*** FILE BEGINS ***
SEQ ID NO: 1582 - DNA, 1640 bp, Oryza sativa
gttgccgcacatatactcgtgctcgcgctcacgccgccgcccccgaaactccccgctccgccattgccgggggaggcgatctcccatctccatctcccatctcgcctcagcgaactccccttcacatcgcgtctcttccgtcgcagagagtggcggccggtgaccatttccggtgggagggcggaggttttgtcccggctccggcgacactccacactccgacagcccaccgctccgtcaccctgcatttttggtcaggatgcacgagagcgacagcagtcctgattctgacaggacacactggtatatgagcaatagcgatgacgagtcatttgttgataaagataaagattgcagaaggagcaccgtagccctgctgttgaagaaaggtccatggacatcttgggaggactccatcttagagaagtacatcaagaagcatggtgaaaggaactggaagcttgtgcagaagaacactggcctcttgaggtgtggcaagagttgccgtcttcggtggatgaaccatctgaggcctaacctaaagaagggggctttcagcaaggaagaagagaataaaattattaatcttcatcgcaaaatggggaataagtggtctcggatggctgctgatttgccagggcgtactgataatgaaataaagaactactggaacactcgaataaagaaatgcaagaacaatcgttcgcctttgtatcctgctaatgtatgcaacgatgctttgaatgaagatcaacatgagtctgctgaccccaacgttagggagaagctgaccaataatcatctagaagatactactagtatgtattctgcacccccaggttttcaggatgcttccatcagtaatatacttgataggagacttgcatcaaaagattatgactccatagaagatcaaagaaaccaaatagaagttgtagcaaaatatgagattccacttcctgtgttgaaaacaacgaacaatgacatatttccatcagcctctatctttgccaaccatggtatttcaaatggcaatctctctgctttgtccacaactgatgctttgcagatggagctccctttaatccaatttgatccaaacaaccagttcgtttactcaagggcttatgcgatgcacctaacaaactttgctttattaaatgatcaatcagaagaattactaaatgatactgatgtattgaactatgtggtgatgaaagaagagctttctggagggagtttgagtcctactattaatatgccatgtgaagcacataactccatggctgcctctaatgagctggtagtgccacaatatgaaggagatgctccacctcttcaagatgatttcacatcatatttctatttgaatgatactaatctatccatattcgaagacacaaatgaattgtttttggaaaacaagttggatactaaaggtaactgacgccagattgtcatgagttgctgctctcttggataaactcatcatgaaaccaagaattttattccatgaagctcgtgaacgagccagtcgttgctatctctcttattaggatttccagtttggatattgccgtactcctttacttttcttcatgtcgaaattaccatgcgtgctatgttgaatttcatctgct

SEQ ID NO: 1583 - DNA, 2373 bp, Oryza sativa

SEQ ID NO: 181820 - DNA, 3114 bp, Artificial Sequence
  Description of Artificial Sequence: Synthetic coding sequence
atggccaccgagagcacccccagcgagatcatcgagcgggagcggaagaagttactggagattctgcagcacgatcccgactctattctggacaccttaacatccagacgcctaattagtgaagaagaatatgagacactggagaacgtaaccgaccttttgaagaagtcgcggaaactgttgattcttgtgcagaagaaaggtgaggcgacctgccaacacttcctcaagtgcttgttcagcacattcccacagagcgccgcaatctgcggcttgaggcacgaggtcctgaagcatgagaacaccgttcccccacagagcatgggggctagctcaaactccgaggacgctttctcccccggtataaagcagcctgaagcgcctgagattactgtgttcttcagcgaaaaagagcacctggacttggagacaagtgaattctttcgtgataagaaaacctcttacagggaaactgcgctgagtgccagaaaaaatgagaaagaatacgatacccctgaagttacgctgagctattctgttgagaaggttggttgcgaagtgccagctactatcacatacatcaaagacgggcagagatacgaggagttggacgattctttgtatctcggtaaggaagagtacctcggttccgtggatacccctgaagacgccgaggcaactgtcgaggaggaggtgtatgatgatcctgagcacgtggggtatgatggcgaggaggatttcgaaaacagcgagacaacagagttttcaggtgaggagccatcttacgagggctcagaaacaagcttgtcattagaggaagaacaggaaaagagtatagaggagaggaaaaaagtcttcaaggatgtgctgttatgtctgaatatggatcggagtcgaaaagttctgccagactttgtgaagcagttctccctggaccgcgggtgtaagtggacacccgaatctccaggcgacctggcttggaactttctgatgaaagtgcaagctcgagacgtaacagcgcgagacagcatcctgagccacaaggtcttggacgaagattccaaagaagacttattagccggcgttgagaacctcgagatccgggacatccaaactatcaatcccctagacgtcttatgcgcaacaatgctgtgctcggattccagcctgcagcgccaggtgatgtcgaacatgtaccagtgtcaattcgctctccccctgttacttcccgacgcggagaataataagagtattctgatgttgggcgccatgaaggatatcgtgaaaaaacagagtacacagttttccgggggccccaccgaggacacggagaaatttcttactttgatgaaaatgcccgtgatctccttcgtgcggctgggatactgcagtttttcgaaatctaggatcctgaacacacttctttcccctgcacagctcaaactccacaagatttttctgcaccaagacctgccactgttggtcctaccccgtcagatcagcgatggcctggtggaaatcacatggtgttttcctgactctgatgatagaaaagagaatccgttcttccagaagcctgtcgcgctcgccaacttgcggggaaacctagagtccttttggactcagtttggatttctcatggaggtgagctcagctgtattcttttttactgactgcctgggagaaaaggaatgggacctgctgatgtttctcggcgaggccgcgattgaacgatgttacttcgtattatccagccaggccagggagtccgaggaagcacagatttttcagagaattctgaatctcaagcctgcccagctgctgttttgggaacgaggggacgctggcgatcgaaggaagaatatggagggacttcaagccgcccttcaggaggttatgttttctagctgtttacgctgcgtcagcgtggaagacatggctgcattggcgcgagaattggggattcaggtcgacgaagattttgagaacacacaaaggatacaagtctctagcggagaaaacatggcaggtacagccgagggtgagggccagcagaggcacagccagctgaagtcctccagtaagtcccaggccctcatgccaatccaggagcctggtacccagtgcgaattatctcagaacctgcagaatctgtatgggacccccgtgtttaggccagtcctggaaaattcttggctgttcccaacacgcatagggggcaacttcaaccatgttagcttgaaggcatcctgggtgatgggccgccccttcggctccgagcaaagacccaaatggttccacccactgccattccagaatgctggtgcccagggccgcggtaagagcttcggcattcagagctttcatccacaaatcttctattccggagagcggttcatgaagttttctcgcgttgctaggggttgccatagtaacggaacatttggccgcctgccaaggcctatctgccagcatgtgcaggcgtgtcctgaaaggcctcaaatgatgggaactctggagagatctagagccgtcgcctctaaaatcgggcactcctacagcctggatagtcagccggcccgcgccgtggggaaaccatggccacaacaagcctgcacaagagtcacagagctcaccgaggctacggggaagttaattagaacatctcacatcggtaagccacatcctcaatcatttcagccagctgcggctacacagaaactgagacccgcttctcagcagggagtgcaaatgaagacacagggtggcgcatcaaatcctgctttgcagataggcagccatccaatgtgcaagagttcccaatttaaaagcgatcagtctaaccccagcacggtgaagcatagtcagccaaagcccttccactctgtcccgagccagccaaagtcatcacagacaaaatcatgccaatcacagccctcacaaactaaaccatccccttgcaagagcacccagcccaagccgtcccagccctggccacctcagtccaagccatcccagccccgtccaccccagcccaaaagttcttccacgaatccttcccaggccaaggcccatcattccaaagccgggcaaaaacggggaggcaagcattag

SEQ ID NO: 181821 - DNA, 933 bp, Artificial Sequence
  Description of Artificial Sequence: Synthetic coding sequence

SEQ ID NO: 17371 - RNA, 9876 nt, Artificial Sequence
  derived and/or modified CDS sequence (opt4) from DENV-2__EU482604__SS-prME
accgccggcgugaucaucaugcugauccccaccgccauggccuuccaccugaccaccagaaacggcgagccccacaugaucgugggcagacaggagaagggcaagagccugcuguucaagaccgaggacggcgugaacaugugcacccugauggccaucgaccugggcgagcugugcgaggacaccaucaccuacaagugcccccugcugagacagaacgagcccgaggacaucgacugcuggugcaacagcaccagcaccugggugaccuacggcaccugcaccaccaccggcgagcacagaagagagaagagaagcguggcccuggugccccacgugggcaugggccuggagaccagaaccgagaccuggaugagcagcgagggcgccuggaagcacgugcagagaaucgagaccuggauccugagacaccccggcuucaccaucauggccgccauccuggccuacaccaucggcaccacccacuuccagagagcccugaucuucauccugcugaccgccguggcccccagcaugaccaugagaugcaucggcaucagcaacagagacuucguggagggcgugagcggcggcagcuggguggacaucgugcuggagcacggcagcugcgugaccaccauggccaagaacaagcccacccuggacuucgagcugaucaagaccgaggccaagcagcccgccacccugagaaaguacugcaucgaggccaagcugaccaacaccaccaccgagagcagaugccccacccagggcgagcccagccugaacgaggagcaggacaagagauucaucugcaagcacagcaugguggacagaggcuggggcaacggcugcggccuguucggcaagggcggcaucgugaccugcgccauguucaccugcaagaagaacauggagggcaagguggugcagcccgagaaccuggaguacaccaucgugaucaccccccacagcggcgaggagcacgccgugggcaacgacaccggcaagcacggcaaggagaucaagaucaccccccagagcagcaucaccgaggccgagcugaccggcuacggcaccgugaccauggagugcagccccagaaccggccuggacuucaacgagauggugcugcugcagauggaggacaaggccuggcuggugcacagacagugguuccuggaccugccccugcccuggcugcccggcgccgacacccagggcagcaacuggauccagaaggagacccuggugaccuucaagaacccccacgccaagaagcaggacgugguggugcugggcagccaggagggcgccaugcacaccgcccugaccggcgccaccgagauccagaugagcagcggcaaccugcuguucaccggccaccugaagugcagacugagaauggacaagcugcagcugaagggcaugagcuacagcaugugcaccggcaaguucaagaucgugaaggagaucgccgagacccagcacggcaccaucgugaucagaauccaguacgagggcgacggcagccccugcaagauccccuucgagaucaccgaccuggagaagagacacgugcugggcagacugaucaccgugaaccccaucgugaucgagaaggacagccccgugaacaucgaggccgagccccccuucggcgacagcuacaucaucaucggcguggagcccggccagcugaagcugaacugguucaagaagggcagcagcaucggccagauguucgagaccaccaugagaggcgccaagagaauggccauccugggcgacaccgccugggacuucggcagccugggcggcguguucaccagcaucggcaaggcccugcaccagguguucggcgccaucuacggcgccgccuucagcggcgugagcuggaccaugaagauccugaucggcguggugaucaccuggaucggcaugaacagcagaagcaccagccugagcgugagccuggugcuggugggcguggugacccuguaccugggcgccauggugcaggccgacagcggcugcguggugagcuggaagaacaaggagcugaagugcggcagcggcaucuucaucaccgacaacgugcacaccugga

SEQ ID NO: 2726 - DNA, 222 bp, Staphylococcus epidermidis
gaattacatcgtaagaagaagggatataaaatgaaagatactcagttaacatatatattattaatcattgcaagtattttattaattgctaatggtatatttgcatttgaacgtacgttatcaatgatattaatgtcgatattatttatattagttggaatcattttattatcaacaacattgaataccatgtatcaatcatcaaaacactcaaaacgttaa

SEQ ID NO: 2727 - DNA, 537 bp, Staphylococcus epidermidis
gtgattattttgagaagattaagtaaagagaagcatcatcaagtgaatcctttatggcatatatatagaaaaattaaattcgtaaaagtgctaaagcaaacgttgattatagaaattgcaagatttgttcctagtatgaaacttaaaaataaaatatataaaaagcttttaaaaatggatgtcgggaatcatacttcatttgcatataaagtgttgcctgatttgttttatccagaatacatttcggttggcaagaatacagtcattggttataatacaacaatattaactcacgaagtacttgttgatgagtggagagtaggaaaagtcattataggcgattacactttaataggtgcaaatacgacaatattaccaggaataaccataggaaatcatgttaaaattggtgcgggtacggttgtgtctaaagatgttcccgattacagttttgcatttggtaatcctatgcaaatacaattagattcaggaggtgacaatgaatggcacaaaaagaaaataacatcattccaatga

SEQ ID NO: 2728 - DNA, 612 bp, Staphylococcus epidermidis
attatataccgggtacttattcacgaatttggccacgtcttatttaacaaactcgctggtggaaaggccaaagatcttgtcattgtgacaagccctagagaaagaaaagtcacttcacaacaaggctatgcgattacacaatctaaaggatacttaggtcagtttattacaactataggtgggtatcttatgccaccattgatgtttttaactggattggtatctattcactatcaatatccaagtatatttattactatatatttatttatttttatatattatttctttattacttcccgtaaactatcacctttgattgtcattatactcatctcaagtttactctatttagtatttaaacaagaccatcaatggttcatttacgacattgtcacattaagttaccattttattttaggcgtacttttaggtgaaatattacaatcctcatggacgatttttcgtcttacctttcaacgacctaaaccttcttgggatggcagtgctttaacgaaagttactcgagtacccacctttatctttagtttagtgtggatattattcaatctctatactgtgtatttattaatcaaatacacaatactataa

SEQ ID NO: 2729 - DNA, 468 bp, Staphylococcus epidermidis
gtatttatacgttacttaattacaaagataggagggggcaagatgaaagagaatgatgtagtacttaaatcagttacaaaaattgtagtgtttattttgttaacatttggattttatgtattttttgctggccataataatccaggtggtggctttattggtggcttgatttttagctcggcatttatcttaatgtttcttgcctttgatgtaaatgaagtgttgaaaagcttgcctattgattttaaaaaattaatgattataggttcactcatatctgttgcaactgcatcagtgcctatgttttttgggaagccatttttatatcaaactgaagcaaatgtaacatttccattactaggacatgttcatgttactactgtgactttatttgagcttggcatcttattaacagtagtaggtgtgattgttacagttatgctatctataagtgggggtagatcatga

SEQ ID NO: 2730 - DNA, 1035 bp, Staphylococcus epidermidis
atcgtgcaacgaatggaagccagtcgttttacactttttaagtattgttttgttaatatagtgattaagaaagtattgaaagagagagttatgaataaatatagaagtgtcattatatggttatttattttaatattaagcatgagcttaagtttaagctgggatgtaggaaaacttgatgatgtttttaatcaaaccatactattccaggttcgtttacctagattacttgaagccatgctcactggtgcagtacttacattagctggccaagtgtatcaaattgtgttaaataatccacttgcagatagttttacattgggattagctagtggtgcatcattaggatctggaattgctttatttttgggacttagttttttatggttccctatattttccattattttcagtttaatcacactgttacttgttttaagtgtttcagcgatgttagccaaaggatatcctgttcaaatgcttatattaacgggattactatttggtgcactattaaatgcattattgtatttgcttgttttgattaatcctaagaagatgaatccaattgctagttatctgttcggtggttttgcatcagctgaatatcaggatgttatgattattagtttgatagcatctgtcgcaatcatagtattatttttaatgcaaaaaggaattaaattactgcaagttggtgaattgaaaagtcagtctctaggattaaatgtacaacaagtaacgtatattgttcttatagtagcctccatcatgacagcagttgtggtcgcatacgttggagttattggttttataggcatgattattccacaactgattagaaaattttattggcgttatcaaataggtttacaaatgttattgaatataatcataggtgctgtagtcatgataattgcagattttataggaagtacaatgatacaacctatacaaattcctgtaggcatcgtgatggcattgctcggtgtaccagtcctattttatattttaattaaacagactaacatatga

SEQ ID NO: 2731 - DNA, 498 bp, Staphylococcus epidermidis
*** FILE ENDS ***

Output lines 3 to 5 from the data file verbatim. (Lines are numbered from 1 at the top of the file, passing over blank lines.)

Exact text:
SEQ ID NO: 1583 - DNA, 2373 bp, Oryza sativa

SEQ ID NO: 181820 - DNA, 3114 bp, Artificial Sequence
  Description of Artificial Sequence: Synthetic coding sequence